We then click on the Forces/Moments tab to set the results units as shown below in Figure 10. First, set the moment Reference length to 1 meter. The reference length is used in all moment coefficient calculations. Since we wish to display force results in pounds, set the Force Units to Pounds. Set the Length Unit to inches to display the length results in inches. The speed results are displayed in the speed units selected under the Flow tab.

Figure 10: The Force/Moments Tab is used to set the Display Units.

Center of Gravity Settings
The center of gravity location is used a reference point and datum for moment calculations and center of pressure measurements. To use the origin as the center of gravity, click on the Weight/CG tab as shown below in Figure 11. Set the X-Distance, Y-Distance and Z-Distance boxes to zero. This (0,0,0) setting will place the reference point at the leading edge of the root chord of our keel.

Figure 11: The CG Locations is used as a reference point.

Modeling the Hull
Since the root chord of the keel is attached directly to the hull, it must be modeled as a reflective plane. Click on the Mirror/Ground Effect tab of the Flow Conditions dialog box as shown below in Figure 12. Next, click on the Mirror Image in X-Z Plane setting to select the radio button. Figure 8 shows the line of symmetry (labeled mirror) that models the hull.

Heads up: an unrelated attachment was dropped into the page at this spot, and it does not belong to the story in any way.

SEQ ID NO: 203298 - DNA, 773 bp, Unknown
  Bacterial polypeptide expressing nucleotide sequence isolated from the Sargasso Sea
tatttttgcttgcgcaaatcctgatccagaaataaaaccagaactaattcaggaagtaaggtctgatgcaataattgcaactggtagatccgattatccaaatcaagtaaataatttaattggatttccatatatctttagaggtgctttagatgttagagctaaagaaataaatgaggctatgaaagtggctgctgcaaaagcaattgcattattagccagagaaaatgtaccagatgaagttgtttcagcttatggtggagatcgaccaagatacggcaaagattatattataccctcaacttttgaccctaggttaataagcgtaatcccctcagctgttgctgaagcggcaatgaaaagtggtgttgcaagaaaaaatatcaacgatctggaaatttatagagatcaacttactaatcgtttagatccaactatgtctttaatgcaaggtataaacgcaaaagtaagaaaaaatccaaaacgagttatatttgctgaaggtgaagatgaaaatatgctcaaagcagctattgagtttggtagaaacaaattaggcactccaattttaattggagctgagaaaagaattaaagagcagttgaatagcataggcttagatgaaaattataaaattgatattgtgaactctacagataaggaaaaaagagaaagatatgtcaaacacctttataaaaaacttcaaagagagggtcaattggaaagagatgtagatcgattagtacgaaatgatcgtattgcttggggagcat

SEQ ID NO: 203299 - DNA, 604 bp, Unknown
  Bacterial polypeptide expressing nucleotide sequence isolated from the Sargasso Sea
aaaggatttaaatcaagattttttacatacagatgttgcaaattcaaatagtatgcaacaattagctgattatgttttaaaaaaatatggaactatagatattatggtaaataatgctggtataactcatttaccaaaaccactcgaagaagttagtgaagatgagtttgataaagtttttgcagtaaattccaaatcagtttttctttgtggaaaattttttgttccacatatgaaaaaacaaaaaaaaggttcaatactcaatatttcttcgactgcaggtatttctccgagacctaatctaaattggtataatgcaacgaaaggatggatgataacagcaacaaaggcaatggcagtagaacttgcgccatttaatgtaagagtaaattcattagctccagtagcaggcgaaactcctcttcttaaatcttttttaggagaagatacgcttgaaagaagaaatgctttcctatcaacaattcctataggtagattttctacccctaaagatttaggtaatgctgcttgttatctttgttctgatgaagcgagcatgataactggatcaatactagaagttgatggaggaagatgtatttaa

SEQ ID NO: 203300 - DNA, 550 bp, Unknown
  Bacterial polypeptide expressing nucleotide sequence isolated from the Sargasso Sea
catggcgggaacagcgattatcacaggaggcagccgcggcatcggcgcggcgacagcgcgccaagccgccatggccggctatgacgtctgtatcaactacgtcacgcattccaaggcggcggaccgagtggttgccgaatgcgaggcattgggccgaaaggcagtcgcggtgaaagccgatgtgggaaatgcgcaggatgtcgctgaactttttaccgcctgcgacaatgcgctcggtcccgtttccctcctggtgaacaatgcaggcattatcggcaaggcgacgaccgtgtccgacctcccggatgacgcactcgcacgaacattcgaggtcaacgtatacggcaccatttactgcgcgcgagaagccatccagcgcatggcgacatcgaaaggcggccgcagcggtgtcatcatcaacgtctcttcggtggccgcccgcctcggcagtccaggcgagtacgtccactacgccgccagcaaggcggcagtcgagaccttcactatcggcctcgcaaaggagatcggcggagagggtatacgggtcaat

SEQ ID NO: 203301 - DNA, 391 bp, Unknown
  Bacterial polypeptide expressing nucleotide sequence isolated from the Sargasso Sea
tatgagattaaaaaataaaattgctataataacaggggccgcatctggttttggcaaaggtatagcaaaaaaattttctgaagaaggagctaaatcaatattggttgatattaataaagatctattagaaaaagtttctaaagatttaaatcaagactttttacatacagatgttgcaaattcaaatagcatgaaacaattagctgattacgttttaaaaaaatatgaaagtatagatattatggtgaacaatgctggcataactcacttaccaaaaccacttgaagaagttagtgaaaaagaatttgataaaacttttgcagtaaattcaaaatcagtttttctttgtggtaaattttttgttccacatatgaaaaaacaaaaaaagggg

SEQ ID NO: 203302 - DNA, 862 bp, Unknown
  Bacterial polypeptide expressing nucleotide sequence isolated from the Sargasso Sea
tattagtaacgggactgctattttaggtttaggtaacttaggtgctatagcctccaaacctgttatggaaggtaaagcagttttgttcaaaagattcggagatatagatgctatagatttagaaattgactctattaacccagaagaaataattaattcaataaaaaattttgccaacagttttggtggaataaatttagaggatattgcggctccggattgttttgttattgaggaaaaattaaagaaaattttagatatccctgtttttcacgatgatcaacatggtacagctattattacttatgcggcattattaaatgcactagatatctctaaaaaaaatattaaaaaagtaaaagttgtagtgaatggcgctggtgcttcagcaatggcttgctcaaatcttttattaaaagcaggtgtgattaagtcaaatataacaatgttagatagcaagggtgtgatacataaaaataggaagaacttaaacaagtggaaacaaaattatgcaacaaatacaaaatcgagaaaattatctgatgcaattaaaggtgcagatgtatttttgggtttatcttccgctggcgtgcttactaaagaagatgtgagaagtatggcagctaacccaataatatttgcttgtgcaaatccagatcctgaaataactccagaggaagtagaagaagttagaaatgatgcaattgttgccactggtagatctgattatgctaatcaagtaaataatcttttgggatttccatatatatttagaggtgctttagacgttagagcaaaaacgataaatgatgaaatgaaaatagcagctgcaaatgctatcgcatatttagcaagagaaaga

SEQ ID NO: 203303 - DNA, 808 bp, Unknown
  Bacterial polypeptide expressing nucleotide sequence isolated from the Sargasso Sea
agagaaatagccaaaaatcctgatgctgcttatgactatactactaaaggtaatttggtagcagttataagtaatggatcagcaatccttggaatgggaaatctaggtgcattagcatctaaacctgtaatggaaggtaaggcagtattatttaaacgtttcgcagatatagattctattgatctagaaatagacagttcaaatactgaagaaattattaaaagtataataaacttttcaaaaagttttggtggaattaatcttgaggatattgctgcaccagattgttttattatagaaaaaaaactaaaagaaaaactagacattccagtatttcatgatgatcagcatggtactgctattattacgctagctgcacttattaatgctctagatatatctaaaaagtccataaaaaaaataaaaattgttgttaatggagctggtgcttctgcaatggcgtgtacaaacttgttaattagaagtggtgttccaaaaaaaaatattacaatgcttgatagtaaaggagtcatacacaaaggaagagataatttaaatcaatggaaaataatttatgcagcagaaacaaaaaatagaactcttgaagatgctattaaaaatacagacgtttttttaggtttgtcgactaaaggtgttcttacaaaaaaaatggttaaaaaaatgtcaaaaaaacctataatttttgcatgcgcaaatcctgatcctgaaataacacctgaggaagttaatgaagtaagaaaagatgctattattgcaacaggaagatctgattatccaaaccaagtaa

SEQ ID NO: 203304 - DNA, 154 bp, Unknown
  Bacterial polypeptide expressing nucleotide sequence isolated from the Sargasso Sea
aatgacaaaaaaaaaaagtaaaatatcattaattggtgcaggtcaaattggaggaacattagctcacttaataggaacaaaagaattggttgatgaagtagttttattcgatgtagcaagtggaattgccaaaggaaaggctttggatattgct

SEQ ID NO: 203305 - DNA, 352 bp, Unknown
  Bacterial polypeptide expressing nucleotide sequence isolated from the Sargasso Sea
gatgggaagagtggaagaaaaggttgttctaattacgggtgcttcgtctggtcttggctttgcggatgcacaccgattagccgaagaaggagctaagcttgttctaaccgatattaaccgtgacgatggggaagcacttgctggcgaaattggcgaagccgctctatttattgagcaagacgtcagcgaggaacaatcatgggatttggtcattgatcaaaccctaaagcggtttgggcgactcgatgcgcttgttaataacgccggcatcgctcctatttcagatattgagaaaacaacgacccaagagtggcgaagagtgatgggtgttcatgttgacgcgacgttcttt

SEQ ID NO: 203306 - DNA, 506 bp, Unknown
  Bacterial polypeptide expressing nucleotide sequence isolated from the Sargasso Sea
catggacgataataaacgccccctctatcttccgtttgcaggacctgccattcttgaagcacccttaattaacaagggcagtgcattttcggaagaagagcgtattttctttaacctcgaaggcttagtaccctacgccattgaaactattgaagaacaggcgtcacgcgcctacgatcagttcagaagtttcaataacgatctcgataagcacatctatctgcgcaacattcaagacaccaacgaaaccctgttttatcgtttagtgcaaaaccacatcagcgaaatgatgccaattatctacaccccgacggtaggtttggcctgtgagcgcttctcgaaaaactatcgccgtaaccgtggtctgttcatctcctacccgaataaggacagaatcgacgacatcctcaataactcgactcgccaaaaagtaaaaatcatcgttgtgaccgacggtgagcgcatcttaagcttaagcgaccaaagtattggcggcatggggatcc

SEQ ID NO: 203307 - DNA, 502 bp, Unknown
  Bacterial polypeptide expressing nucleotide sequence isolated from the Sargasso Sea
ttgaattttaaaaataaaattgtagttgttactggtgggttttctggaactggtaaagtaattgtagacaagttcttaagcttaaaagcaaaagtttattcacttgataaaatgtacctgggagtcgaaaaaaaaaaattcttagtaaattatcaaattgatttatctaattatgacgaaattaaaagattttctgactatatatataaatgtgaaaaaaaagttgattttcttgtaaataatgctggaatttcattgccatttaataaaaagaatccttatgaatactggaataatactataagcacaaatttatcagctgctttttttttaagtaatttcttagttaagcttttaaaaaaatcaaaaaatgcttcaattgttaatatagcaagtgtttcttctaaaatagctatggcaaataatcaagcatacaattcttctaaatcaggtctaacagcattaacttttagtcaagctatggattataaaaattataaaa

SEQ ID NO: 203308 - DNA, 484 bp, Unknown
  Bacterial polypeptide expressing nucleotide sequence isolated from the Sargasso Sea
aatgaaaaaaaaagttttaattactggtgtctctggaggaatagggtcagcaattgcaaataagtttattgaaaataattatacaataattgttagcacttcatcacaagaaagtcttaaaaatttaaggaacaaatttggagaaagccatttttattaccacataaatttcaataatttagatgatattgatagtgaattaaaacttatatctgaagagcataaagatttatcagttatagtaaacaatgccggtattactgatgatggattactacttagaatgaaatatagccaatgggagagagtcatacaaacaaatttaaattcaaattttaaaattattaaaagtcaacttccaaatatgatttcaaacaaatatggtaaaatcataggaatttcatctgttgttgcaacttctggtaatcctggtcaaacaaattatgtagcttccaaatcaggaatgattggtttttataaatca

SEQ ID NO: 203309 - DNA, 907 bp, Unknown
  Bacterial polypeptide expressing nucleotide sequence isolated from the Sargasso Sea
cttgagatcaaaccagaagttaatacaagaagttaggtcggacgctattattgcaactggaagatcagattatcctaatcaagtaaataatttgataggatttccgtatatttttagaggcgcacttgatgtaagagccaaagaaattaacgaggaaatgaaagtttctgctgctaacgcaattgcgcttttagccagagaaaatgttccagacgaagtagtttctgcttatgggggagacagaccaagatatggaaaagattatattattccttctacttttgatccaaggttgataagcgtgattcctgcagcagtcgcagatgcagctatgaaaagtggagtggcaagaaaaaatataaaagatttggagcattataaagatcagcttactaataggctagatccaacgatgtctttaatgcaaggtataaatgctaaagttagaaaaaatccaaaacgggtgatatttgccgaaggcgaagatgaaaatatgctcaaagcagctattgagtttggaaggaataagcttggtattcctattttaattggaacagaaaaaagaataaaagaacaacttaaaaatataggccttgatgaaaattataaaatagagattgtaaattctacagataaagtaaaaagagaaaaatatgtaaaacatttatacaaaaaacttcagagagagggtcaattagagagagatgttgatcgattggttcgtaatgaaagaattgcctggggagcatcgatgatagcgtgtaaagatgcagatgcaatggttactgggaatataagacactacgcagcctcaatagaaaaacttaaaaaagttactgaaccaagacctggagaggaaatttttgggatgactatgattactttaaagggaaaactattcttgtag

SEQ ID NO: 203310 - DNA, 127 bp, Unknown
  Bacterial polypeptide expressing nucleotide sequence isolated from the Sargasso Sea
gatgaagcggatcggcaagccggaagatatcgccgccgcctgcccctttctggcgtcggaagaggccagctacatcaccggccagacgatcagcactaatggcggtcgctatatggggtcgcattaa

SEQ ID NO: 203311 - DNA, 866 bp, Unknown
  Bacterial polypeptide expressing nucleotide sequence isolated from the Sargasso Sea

Results and Graphs
The lift coefficient versus angle of attack graph shows the lift (lateral resistance) developed by the keel as the angle of attack (leeway angle) increases. With the sweep back setting of 30 degrees, click on the Surface Analysis menu and Cl vs AOA option. Next, set the sweep back angle to 45 degrees and again click on the Surface Analysis menu and the Cl vs AOA option. This will produce the graph of Cl vs AOA as shown below in Figure 13. The graph shows that the lift with 30 degrees angle of sweep is higher than with 45 degrees angle of sweep for corresponding angles of attack. Click on the Surface Analysis menu and the Cl vs Cd option to obtain the lift-drag polar for the keel as shown below in Figure 14.